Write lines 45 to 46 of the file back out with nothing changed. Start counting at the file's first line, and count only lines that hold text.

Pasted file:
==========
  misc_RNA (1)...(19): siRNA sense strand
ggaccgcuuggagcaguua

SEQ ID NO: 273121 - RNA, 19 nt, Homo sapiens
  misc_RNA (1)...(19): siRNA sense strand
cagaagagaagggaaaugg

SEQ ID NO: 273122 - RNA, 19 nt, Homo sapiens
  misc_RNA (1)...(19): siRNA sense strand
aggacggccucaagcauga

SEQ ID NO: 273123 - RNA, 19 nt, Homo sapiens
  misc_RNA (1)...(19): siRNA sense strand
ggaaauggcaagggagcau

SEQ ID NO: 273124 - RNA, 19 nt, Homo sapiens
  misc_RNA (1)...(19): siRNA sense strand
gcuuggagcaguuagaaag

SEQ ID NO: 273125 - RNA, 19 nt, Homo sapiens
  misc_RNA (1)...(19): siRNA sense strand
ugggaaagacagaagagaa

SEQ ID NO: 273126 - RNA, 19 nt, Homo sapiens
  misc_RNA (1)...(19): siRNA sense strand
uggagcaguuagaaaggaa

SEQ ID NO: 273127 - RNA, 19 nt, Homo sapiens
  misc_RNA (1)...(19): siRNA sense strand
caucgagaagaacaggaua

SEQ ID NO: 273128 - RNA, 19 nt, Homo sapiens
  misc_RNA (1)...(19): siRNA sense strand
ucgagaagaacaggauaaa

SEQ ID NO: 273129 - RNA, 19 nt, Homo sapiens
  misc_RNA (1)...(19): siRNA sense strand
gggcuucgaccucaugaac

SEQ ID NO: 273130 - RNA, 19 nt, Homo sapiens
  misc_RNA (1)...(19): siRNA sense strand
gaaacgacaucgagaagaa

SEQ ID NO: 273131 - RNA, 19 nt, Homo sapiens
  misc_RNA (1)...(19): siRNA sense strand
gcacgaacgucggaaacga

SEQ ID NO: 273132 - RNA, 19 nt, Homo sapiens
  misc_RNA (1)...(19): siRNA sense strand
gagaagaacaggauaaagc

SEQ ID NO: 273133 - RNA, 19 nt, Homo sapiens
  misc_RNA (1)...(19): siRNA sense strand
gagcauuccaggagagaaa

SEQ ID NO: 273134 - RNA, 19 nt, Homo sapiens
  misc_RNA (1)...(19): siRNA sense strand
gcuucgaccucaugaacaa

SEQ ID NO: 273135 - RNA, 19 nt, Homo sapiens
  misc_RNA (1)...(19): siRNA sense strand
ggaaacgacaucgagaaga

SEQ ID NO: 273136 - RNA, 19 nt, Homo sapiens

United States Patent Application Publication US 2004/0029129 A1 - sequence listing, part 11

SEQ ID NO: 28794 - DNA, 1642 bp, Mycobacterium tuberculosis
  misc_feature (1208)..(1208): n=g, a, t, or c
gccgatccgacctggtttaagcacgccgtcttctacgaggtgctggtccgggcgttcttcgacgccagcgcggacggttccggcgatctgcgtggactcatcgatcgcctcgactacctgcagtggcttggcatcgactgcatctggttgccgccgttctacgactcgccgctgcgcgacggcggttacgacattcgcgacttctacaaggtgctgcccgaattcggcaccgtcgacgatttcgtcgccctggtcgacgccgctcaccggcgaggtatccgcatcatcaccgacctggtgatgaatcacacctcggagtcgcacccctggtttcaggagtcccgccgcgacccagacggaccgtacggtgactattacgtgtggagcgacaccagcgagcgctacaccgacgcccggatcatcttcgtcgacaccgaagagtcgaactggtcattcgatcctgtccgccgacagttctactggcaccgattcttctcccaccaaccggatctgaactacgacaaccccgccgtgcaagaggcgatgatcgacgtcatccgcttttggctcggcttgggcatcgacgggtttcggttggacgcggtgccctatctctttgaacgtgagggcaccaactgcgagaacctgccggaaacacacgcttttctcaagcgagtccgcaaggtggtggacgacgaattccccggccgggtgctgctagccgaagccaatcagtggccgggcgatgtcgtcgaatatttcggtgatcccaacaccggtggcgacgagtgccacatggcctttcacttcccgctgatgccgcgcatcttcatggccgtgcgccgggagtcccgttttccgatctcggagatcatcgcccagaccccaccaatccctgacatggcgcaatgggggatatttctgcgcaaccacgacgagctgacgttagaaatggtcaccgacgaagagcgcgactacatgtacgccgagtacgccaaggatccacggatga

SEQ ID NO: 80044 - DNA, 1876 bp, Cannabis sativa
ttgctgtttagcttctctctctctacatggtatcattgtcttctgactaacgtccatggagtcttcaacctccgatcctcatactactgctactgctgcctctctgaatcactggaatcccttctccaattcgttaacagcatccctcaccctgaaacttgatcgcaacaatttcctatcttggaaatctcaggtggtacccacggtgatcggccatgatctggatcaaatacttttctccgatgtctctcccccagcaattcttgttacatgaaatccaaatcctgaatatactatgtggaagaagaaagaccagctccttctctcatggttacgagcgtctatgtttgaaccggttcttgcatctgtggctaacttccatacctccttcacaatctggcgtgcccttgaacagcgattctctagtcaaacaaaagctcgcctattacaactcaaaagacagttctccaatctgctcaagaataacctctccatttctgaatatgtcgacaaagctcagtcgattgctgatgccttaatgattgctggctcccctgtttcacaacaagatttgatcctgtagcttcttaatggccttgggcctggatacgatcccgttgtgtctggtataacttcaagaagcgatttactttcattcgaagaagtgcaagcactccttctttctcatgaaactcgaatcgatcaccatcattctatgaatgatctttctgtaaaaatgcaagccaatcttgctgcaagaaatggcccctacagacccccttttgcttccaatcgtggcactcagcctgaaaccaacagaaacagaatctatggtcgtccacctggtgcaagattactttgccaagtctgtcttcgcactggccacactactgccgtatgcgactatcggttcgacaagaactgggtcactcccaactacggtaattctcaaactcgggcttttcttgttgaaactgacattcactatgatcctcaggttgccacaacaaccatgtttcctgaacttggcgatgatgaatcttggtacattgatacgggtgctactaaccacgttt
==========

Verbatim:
SEQ ID NO: 273135 - RNA, 19 nt, Homo sapiens
  misc_RNA (1)...(19): siRNA sense strand